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My Story


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My Story


Saved Before My First Breathe...

In 1985, in Seoul, South Korea, abortion was culturally acceptable. There were over 500,000 abortions and just over 650,000 actual births. This meant every time a child was conceived, it only had a 57% chance of actually being born. I survived the 43% abortion rate. On November 13, 1984, my birth mother gave birth in a clinic outside of Seoul. She abandoned me onsite, leaving no trace or record of whom she was. This is my story on MERCY, GRACE, and LOVE. A story on how big God truly is and how He has a destiny and purpose for each of His children. I was Saved Before My First Breathe by God, He showered a women who ended up becoming pregnant with MERCY, GRACE, and LOVE for an unborn child. Her MERCY, GRACE, and LOVE allowed her to decide to keep her child and give him up for adoption vs. aborting her pregnancy, in a time when society and culture was telling her that was normal and okay.

My actual hospital paperwork says the location of the Dongin Clinic in Songnae-don, Kangdon-gu, Seoul City in which I was left and abandoned at. It says, "After the natural mother gave birth to the baby at the above-mentioned clinic, she covered her tracks. The clinic tried to get in contact with the natural parents, but in vain." I was abandoned. My birth mother left, she ghosted, vanished, with no trace of who she was. I was placed for adoption.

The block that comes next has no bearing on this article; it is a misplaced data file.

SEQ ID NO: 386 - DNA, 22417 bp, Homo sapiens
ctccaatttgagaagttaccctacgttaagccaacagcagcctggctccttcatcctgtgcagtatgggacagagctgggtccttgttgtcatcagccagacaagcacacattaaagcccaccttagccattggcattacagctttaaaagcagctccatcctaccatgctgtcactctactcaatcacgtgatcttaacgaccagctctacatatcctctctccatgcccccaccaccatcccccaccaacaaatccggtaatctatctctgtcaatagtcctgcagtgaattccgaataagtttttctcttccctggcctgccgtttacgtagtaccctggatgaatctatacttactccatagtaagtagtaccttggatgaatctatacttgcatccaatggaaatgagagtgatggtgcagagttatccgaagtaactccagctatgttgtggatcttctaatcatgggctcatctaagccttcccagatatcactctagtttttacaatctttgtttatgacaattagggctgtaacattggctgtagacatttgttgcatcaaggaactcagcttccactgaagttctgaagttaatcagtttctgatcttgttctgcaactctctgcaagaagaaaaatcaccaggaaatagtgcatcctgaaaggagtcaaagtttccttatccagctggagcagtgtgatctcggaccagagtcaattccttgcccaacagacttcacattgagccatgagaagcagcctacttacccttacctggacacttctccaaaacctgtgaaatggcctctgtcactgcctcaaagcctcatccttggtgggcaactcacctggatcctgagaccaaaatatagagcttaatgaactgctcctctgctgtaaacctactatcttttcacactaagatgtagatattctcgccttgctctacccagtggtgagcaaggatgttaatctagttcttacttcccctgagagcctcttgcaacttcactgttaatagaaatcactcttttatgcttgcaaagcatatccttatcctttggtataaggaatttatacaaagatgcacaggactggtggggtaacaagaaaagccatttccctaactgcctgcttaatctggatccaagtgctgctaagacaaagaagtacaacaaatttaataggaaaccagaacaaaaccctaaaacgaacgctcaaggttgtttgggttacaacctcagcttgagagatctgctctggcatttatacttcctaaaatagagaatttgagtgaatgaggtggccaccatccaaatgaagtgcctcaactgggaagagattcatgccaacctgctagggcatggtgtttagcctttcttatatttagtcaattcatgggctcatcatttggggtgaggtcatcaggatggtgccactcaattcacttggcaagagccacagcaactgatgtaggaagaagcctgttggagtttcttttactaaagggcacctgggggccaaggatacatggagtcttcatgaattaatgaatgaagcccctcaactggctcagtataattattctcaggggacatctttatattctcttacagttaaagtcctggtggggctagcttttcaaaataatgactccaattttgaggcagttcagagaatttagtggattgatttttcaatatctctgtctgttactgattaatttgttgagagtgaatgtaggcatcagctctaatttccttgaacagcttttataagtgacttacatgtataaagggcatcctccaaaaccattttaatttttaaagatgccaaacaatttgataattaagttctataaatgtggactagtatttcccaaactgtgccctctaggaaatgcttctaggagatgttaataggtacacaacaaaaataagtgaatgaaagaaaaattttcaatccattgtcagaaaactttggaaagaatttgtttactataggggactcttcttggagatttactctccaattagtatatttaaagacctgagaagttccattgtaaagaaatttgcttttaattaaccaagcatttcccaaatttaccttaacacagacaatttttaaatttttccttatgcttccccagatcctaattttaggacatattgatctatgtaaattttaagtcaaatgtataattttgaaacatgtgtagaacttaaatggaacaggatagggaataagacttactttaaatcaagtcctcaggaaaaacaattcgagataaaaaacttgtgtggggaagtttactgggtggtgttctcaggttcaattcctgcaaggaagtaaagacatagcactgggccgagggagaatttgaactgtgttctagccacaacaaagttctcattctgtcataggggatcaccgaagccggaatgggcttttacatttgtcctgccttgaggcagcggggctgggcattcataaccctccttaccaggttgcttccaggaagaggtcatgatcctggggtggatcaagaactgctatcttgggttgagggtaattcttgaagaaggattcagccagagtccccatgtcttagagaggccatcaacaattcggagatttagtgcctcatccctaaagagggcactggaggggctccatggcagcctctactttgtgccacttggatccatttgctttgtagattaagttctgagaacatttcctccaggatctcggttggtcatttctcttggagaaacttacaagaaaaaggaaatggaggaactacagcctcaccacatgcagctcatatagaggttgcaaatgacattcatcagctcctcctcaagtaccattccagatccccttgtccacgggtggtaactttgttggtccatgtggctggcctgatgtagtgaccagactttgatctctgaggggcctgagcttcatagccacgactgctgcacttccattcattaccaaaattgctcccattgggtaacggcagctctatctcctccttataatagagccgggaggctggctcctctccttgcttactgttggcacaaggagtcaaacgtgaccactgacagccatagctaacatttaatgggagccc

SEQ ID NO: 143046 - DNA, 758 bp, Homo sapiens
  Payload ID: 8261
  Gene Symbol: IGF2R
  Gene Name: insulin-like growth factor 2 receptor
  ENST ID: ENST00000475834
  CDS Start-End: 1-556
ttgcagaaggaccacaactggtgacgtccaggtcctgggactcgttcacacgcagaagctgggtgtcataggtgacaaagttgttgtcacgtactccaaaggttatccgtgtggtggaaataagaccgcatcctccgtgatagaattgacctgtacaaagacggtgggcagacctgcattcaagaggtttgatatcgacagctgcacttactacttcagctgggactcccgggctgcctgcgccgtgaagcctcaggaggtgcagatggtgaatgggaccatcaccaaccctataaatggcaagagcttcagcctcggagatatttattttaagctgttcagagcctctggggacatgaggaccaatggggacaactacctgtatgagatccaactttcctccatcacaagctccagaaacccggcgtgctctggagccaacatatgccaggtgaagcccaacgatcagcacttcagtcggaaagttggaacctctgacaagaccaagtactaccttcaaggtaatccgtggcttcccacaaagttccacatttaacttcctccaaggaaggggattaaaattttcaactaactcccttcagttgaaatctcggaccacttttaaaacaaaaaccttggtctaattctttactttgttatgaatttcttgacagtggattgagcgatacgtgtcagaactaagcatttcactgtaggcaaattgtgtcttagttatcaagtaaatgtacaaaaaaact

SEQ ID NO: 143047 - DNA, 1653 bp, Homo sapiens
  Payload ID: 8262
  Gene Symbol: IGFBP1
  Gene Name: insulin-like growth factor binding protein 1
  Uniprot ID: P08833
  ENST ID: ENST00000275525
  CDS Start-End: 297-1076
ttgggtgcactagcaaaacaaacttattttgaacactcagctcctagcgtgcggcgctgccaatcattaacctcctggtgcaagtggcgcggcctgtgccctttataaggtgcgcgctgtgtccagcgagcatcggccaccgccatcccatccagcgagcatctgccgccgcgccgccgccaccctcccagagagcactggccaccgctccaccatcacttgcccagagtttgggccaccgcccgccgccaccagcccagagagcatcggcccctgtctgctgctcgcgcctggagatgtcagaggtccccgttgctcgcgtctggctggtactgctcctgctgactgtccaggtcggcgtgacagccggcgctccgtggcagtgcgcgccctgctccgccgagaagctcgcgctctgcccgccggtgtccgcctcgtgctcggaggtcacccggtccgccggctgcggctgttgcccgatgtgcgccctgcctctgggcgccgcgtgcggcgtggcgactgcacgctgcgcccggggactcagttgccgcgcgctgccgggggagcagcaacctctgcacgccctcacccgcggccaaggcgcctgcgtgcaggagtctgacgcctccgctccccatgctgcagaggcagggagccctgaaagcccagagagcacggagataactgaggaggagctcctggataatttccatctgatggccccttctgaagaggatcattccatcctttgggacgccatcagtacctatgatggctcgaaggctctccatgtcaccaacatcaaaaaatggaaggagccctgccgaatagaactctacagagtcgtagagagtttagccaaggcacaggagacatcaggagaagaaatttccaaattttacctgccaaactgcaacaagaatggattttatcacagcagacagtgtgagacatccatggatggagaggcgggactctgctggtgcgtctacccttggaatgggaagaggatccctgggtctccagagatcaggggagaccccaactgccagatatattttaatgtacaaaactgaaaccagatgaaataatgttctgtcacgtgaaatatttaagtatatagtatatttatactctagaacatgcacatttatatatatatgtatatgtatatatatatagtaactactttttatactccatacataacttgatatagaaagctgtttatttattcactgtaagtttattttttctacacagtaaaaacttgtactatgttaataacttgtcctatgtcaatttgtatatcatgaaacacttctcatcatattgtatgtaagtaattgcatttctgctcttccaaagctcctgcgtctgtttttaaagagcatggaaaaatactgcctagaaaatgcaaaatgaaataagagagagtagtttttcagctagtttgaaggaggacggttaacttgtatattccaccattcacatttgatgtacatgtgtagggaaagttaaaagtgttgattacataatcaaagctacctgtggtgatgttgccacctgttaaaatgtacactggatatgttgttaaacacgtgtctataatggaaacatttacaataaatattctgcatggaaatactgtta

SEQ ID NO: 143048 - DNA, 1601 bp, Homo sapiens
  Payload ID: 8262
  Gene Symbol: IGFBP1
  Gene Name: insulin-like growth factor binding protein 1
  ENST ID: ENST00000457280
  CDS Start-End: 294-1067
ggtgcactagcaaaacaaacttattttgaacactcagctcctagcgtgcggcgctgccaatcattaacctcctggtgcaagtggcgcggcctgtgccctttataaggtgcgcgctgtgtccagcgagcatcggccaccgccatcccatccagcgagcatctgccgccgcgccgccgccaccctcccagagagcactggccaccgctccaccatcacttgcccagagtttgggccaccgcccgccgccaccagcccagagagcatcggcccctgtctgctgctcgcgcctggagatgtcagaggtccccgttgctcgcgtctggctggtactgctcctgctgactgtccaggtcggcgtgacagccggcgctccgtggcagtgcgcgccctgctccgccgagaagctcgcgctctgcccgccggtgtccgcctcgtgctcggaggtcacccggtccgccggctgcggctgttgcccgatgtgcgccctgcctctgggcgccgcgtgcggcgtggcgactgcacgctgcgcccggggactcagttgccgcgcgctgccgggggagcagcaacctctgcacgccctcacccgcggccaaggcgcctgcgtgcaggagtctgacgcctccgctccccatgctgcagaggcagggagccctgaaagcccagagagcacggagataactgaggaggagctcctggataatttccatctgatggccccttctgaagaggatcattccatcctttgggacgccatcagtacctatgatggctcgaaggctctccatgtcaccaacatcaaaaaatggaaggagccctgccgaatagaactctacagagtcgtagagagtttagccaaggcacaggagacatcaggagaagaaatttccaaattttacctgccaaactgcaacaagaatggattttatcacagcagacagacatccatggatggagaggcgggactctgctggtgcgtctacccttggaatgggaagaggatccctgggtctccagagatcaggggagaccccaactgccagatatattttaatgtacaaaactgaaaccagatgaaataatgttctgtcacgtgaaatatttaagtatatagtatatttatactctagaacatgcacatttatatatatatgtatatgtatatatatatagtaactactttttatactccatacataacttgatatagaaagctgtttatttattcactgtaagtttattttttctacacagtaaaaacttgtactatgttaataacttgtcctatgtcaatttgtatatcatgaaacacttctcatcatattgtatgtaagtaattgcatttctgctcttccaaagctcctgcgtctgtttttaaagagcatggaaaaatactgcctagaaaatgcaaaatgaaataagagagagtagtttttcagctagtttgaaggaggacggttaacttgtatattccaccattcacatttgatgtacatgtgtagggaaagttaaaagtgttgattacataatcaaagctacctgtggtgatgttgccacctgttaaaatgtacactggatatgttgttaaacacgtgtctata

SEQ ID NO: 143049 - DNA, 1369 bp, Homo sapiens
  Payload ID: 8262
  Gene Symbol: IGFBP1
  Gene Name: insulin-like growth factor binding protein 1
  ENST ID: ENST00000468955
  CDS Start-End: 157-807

On February 14, 1985 (Valentine’s Day), I flew from Seoul, South Korea to Chicago, Illinois. This was the day when I met my parents. When I arrived in Chicago, my mother along with four other mothers wearing an identification bracelet went aboard the plane to meet their children. See, at this time, there was no high tech process. The adoption agency, Bethany Christian Services and Holt International, placed the babies on the plane in South Korea with two bracelets, one bracelet being the hospital information and the other being the adoption agency bracelet with the adoptive parents names on it. The babies then flew the almost 13 hour flight to Chicago only to be attended and fed by co-traveling businessmen and flight attendants. The moms, walked onto the plane, found the baby that had the matching identification bracelet with adoptive parents names on it, picked up their baby, and proceeded through customs. The picture above, is of my mom and the other adoptive mothers with their babies going through customs.

My mom always says I’m the greatest Valentine’s Day gift she has ever received. Every year she still writes me a card telling me that and sends me a gift to celebrate “Homecoming Day.” My adoption story is truly an amazing and beautiful story, but there’s more…

Meeting my parents for the first time on Valentine's Day 1985 in Chicago, Illinois.

Meeting my parents for the first time on Valentine's Day 1985 in Chicago, Illinois.

Not only is my story one of an amazing adoption, but also it’s a story of how big our God truly is. Our God has a destiny and purpose for each of His children. He protected me when I was conceived and growing in the womb: